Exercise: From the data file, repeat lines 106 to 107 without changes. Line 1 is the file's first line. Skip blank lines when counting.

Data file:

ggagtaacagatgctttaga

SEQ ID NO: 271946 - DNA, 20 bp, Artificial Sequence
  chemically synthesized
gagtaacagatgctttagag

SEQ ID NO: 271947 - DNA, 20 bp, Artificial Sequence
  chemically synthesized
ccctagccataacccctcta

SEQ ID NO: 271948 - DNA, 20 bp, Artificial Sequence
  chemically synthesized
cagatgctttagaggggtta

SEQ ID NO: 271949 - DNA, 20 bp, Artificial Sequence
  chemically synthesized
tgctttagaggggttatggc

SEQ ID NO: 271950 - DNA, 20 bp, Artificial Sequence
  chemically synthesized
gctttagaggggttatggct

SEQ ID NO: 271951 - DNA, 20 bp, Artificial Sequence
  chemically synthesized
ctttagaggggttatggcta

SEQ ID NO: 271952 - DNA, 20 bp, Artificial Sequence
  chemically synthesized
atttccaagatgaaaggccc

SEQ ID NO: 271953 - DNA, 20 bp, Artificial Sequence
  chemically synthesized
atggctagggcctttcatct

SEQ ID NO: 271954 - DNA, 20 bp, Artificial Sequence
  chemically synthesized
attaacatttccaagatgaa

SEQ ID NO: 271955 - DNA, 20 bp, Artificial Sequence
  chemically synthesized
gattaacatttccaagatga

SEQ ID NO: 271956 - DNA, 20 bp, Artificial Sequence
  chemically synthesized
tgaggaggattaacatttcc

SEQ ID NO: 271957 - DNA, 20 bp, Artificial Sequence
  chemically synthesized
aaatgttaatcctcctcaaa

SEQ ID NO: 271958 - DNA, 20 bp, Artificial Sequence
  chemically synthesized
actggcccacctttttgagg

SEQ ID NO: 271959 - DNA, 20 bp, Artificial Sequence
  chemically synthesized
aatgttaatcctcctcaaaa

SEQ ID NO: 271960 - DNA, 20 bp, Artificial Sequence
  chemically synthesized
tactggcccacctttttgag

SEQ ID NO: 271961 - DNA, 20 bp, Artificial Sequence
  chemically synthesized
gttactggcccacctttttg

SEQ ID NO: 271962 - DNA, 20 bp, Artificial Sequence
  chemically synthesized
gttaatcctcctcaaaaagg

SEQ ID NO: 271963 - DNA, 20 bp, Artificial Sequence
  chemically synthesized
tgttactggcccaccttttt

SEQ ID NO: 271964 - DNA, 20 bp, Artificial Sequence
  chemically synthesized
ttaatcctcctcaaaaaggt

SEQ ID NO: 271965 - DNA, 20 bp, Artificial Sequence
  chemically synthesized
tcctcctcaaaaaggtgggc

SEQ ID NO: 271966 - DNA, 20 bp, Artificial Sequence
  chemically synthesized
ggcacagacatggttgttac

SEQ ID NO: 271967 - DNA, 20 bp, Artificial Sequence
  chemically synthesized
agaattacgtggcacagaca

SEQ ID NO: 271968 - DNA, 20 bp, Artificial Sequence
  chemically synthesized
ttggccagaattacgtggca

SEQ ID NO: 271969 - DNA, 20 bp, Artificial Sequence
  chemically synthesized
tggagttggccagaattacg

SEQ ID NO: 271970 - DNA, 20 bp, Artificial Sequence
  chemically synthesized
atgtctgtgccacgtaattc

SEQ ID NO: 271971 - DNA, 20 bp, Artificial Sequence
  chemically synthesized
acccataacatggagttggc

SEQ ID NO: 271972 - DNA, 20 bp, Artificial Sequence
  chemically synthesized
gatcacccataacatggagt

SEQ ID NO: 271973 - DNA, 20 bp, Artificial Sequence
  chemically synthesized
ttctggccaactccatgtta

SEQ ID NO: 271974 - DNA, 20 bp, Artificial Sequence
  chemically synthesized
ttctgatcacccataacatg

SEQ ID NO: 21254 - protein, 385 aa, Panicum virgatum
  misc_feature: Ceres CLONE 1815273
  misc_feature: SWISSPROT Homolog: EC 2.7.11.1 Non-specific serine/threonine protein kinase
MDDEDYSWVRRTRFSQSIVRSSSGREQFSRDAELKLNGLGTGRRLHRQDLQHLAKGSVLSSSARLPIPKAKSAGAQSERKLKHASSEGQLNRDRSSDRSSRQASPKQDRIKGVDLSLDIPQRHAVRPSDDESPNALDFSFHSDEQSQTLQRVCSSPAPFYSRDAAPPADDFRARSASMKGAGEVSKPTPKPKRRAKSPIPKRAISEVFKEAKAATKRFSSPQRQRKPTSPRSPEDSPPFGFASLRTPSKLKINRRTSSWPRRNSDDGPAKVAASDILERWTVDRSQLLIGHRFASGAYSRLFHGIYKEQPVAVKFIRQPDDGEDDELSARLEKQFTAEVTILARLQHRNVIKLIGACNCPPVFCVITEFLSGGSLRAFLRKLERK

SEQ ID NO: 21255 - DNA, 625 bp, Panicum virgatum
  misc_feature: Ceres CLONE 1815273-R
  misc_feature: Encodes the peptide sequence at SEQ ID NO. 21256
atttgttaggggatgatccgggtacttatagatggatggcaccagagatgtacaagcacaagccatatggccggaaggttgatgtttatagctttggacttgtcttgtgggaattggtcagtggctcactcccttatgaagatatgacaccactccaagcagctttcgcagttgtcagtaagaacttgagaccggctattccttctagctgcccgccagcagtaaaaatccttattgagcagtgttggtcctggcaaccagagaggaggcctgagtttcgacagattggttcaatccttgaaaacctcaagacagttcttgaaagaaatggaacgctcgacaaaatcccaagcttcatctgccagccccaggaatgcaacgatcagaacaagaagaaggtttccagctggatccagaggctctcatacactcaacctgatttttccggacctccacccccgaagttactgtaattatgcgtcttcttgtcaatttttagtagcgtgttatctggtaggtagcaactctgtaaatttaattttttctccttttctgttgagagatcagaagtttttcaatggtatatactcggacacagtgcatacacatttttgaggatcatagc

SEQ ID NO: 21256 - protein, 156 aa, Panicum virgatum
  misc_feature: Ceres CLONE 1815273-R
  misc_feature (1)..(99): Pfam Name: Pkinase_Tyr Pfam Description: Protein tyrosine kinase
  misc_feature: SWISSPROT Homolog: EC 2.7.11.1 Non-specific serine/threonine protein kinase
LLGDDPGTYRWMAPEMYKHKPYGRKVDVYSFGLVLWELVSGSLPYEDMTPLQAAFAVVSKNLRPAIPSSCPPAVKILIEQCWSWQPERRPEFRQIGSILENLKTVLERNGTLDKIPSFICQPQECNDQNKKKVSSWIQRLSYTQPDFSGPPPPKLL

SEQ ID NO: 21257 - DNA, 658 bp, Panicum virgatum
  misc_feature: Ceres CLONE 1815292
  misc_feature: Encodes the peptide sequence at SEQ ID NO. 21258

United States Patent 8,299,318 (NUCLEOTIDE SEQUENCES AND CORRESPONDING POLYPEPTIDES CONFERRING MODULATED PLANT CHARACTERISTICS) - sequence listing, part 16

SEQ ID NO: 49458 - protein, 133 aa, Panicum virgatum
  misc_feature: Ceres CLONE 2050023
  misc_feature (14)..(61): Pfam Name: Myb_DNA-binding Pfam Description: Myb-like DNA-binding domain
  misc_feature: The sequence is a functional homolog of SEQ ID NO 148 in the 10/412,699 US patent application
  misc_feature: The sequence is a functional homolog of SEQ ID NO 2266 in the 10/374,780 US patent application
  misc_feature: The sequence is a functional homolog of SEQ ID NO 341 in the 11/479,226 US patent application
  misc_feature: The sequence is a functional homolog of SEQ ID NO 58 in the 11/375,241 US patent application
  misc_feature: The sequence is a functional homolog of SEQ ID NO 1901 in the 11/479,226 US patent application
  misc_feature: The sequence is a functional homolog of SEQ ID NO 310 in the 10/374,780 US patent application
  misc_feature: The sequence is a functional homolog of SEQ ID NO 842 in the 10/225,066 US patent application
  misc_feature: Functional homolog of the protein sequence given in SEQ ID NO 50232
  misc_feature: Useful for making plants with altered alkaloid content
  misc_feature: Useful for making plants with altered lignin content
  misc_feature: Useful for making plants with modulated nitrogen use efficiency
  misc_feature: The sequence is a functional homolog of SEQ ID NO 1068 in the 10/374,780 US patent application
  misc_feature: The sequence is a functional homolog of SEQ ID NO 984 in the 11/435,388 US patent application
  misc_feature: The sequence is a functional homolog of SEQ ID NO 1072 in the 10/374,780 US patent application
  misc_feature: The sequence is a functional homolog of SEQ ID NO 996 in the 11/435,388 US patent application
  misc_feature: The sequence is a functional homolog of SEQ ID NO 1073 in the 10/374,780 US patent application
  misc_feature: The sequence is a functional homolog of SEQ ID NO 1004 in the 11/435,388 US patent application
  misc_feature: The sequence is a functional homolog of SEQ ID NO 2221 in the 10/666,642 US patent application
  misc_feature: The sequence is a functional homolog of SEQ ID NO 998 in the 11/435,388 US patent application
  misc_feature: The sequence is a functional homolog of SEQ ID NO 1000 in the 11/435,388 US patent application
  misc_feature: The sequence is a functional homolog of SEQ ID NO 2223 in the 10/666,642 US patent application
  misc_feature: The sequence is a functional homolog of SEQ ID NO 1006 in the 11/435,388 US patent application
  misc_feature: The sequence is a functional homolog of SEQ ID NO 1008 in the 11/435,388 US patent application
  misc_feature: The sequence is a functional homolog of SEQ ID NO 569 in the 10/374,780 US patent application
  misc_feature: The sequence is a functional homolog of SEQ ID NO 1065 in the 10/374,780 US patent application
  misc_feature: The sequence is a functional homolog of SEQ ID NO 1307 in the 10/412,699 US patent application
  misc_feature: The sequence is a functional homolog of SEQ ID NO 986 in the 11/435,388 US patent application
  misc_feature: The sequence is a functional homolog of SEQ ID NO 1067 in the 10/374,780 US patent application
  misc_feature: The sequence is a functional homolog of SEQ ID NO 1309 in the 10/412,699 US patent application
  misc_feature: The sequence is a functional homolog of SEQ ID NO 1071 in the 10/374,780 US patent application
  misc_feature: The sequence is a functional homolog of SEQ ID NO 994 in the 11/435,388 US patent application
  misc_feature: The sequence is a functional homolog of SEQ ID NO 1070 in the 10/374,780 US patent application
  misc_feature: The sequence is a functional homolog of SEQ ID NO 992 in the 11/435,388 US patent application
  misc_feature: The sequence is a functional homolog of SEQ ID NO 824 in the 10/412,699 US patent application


SEQ ID NO: 49458 - protein, 133 aa, Panicum virgatum
  misc_feature: Ceres CLONE 2050023